Ryan Herrington: The history and tradition thats there, you can almost feel the ghosts coming through off the water when the wind blows. Weve seen so many iconic things happen there in the past. Watching Jack Nicklaus actually retire there to me is as amazing a thing as anything.
Mike Johnson: You stand on that green and the R&A building is in the background and you feel these 500 years of accumulated history kind of wearing down on you.
Jerry Foltz, Golf Channel: Dont really consider your career complete if you dont win a British open at St. Andrews. That was Tigers first British. It completed the career grand slam. Those who doubted him before I think all of a sudden thought, Well, we might be watching the greatest player ever.
Alex Miceli: Theres not a place, a venue in the entire world where the experience of going up the 18th fairway is the same as it is at the Old Course at St. Andrews.
No. 1 ' Pebble Beach, California
Opened in 1919 as part of a real-estate development, Pebble Beach is widely regarded as the best golf course in the world. Jack Nicklaus once said, 'If I only had one more round to play, I would choose to play it at Pebble Beach.' It is set amidst the dramatic coastline of the Monterey Peninsula, which is home to diverse wildlife species, including whales, dolphins and sea otters. It has hosted four US Opens, including Tiger Woods' record-setting 15-shot victory of 2000, in which he broke or tied nine US Open records. It will once again host the US Open in 2010.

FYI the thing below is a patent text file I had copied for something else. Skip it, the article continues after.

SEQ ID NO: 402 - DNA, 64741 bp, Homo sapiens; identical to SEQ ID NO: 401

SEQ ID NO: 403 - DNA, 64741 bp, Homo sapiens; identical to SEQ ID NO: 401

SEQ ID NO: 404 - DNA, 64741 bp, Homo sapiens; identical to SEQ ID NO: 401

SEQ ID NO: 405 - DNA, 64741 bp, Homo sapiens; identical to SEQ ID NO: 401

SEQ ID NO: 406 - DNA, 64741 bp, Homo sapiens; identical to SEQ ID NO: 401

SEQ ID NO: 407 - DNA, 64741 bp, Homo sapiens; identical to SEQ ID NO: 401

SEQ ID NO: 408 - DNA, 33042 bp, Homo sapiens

Take a video tour of Pebble Beach
Gary Van Sickle: My favorite spot is standing up by the green on number six. Its on a headland. The 7th green is right to your side. Theres water on three sides. You just feel like youre standing on top of the world. To me, thats the greatest spot on earth in golf.
Martin Davis, The American Golfer: 8, which Nicklaus called the greatest par-4 in golf, and it might be. A second shot thats pure terror over the cliffs to the green.
Mark Soltau: I remember the 2000 U.S. Open when Tiger was playing and he hit his tee shot into the ocean [on 18]. Little did we know he only had one golf ball left. So had he hit another shot in the water, he easily could have been disqualified. And of course, he then went on to win by 15 shots.
Andy Bean: Normally its a three-shot hole. With the right conditions you can always knock it on. If its calm, you can knock it on in two. But when the weathers bad, when the winds coming from the north, youre wanting to get it there in three.
Ryan Herrington: Say what you will about how difficult a golf course it is. Theres no setting thats as picturesque and as worthwhile to be at as Pebble Beach.